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Smith & Hawken: The Tool Book Hardcover – January 10, 1997


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Product Details

  • Series: Smith & Hawken
  • Hardcover: 320 pages
  • Publisher: Workman Publishing Company; First Printing edition (January 10, 1997)
  • Language: English
  • ISBN-10: 0761108556
  • ISBN-13: 978-0761108559
  • Product Dimensions: 8.1 x 1.3 x 12.1 inches
  • Shipping Weight: 3.8 pounds
  • Average Customer Review: 4.6 out of 5 stars  See all reviews (8 customer reviews)
  • Amazon Best Sellers Rank: #1,047,781 in Books (See Top 100 in Books)

Editorial Reviews

Amazon.com Review

At first glance The Tool Book might look like a dry catalogue of various garden tools, but it's actually a fresh and inspiring history lesson. Author William Bryant Logan carefully intersperses his detailed descriptions of hoes, mattocks, tining forks, or pruning saws with short meditations on the tool's evolution. In a chapter entitled "Digging," he writes, "The growth of civilization paralleled the evolution of the spade and the shovel." Behind the book, there's a vision of humanity constantly forging new technology to more carefully and effortlessly shape the landscape.

Amateur gardeners will learn the vast differences between cheap and expensive tools. Clear explanations of the differences between "stamping" and "forging" metal tools, and how to tell the difference, will change your perspective the next time you go to make a purchase. You will also learn why some handles are short and others are long, and why corn husks with their pointed tips led to the invention of the trowel. To Logan's credit, he understands that gardeners arbitrarily love certain tools and hate others, and thus his descriptions are objective--his book more an orientation than a lesson in the "right" way to garden. Packed with photos, The Tool Book is an essential text for anyone facing the daunting task of creating and maintaining a garden. --Emily White --This text refers to an out of print or unavailable edition of this title.

From Booklist

Three hundred pages of garden tools may be overkill, but, nonetheless, here are 440 tools shown in 70 full-color photographic spreads. The chapters are organized by task: digging, cultivating, propagating, planting, cutting, watering, composting, lawn care, holding and hauling, and raking and sweeping. Shown, for example, are 26 types of shovels, 21 spades, 12 trowels, 16 hoes, 11 weeders, 18 hand pruners, 10 pruning saws, 24 forks, 21 hose accessories, 11 sprinklers, and 15 rakes. A chapter on clothing and protection tells gardeners what's hot in boots and shoes, gloves and hats, and shirts and jackets. Logan, a writer and arborist, explains how garden tools evolved (Hopi women used a pointed stick of pinon pine to plant corn seed), how to use each tool, and what to look for in buying a tool. Granted, no gardener needs all these tools, but Logan has taken a commonplace subject and made it engrossing. George Cohen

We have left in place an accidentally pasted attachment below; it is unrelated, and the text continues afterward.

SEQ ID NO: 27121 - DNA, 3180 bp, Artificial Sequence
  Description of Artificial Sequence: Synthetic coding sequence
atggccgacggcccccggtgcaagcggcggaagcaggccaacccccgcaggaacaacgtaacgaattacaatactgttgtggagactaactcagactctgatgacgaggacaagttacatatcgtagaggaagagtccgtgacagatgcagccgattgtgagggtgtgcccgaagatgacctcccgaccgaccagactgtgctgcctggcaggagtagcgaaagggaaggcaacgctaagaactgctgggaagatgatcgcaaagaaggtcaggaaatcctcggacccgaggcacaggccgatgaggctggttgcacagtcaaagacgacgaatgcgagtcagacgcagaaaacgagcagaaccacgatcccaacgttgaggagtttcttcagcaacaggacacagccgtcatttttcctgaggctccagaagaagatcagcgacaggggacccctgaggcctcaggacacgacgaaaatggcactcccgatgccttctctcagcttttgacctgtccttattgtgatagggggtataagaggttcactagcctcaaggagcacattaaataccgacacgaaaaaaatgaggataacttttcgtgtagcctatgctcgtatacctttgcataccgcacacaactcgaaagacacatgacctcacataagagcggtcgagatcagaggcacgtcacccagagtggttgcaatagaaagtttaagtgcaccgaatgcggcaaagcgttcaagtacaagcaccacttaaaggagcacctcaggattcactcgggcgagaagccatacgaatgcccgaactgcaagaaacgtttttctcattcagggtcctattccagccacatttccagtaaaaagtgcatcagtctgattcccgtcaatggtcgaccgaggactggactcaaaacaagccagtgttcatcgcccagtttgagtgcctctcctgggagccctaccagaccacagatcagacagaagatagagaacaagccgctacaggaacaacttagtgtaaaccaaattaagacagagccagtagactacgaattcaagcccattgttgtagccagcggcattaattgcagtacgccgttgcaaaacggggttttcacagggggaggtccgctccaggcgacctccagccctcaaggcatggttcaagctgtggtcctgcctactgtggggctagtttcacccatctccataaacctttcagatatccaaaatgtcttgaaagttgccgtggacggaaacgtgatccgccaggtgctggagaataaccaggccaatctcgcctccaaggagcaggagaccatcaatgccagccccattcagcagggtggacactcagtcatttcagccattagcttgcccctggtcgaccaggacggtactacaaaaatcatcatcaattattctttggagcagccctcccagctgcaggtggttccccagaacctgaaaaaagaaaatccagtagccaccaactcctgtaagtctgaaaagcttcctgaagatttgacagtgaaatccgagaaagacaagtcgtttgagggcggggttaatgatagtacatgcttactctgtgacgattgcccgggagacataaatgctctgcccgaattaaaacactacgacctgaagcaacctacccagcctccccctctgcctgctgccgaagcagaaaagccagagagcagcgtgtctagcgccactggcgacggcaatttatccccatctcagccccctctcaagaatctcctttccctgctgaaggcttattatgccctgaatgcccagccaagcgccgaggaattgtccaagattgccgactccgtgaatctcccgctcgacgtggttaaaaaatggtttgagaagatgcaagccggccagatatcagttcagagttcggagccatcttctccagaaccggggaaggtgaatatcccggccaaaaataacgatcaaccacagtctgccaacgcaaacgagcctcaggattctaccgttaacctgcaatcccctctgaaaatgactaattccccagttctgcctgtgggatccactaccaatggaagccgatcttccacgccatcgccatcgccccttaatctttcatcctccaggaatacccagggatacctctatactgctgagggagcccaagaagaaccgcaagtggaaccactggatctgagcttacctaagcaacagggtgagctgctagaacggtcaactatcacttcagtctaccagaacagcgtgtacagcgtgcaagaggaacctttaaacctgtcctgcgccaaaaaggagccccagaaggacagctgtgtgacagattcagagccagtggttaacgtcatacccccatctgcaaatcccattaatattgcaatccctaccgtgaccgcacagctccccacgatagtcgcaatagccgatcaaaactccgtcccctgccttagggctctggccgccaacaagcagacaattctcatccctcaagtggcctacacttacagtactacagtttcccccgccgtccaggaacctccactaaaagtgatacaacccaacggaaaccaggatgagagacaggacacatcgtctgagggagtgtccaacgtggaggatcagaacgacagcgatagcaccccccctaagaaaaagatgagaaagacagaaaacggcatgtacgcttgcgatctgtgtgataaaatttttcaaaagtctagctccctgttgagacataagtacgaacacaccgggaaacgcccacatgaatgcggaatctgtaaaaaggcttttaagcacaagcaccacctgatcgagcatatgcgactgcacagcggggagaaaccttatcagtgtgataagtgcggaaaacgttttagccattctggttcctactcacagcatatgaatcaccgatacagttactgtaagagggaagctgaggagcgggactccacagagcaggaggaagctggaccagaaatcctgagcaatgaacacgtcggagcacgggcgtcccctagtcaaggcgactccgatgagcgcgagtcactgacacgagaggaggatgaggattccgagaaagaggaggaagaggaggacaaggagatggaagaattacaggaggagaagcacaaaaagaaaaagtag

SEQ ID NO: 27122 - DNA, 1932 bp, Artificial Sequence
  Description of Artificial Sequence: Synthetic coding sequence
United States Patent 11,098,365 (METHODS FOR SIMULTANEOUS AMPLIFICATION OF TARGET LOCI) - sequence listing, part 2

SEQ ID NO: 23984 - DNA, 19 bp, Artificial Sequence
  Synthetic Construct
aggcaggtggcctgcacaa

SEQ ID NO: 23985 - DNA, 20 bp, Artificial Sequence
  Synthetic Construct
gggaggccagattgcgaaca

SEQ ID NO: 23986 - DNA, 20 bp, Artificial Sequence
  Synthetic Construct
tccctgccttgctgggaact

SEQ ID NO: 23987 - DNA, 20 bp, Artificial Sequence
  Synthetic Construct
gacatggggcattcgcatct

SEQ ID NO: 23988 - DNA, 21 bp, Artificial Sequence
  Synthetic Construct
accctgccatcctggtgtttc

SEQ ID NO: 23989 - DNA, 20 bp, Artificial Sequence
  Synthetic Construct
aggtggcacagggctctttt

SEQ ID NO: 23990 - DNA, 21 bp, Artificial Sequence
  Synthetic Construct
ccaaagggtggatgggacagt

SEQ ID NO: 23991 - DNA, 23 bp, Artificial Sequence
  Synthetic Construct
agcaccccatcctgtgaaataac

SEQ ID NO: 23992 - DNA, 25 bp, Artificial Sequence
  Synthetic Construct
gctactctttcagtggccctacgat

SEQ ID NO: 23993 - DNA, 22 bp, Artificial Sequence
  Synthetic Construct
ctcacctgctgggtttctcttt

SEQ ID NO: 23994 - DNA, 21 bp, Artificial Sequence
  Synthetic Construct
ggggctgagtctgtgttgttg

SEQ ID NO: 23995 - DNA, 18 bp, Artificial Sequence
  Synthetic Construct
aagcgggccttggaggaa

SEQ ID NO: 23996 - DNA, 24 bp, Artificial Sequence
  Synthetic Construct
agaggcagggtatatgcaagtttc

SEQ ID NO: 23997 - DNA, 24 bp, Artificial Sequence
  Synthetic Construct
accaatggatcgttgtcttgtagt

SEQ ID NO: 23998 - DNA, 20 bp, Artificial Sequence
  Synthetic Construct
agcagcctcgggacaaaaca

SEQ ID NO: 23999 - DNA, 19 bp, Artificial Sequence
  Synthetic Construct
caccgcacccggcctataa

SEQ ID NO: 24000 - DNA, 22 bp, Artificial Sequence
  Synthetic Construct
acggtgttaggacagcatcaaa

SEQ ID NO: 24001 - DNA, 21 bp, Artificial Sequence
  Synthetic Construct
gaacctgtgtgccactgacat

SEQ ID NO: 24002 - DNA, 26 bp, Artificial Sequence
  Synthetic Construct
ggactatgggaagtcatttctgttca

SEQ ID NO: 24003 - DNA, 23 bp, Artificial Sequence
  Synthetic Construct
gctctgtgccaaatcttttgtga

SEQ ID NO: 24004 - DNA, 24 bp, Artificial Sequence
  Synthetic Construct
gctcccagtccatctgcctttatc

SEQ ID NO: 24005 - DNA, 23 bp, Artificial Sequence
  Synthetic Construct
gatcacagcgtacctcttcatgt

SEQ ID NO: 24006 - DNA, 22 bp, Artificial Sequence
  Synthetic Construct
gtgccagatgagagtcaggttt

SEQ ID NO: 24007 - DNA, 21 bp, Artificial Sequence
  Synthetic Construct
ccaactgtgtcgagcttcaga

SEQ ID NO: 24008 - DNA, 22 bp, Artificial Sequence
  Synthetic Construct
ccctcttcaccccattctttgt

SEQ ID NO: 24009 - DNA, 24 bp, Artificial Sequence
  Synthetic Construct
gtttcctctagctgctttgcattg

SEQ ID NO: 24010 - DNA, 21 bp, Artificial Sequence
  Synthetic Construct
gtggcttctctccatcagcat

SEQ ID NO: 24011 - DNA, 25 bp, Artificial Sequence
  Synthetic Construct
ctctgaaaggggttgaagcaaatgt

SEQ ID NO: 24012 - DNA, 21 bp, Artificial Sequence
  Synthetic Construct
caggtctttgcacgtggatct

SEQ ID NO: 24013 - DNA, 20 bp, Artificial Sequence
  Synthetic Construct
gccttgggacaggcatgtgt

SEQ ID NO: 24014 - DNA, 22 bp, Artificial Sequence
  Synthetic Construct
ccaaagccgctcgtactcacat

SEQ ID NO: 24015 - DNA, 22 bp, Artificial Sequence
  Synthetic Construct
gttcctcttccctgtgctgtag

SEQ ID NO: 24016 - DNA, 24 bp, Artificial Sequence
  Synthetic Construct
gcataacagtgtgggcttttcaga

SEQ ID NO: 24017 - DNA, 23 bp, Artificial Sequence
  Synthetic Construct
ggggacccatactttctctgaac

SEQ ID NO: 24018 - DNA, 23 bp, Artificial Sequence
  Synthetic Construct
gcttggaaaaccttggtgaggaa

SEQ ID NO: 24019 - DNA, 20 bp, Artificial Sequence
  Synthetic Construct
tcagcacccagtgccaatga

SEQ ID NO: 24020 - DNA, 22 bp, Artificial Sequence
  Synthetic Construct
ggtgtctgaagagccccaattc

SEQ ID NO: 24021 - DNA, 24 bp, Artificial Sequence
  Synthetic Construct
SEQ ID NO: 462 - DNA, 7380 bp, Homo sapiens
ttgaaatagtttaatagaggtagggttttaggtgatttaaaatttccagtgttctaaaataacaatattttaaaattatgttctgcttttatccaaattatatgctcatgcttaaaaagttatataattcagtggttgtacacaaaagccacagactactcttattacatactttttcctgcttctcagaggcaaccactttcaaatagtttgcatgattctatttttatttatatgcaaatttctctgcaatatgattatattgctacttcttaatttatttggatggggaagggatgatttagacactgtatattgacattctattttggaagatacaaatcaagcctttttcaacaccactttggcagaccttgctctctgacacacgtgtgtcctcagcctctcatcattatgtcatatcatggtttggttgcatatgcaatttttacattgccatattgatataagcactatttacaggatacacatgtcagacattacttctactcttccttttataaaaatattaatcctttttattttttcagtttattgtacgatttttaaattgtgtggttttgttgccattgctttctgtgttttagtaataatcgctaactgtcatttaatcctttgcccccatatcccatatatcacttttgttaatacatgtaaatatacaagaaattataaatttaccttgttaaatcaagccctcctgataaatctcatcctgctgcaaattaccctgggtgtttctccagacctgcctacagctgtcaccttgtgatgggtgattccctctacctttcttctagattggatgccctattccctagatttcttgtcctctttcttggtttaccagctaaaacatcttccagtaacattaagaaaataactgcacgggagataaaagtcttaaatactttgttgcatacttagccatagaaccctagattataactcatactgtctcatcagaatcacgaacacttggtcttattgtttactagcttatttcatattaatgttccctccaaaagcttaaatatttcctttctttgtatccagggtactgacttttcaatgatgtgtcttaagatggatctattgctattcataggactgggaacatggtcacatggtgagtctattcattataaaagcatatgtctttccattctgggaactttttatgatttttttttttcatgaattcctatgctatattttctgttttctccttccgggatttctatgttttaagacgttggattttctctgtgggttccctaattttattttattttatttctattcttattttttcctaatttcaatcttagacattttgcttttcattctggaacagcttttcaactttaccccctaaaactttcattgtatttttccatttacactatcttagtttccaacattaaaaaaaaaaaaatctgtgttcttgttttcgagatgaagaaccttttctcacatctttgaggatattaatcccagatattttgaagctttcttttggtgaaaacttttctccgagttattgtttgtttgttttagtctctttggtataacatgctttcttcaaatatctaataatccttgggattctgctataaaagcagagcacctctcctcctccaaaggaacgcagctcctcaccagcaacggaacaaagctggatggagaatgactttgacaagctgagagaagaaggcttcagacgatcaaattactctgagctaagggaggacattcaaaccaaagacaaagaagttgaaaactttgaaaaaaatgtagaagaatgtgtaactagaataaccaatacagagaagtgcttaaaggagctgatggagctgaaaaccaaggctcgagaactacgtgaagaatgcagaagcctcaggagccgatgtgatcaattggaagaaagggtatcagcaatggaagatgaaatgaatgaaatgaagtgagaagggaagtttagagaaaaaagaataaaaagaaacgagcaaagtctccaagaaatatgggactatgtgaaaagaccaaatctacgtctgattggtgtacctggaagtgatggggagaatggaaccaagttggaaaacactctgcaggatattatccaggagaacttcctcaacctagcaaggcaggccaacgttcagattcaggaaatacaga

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Customer Reviews

4.6 out of 5 stars
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Most Helpful Customer Reviews

4 of 4 people found the following review helpful By "reddahlia" on August 17, 2001
Format: Paperback
If you are a beginning gardener and don't know the difference between a shovel and a spade, or what to use them for, this book is immensely useful. It is certainly worth the price and the time it takes to browse through it to find and understand the exact tools you will need for your individual garden before you go out shopping. In addition to pages of full color pictures of each tool, it contains historic accounts regarding the tools and some nice quotes about gardening. After reading this book I felt like I understood garden tools, whereas prior to reading it, I just used tools in a haphazard way without understanding their purpose and how they could help me in the garden.
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3 of 3 people found the following review helpful By Brandon Leedy on February 28, 2008
Format: Paperback
I purchased this book for a design class where we were making gardening tools to get a better knowledge of the products, and let me tell you it was worth it. This book goes very in depth with not only how the tool is used but how it should be made and the "rituals" surrounding each tool. Also, although I'm not a gardener myself, I could see this book being an invaluable reference or even as a great guide to those just starting out in the gardening world.
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6 of 8 people found the following review helpful By Jon.Erik.Nordstrand@ub.gu.se on July 15, 1998
Format: Hardcover
A piece of art, fits the coffee table and yet is packed with valuable information
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Format: Hardcover
While I have owned this book for many years, I just recently had reason to use it as a resource and have found it much more than a pretty face. While the format and photographs are gorgeous, this book is an excellent reference for a variety of tools. I've found that there are many more ways to skin a cat (e.g. hoe the garden) than with my former favorite garden swoe. And learning the history of these tools has enriched my appreciation of gardeners as an independent and innovative lot. If you love gardening and tools, this is one you may want to add to your library!
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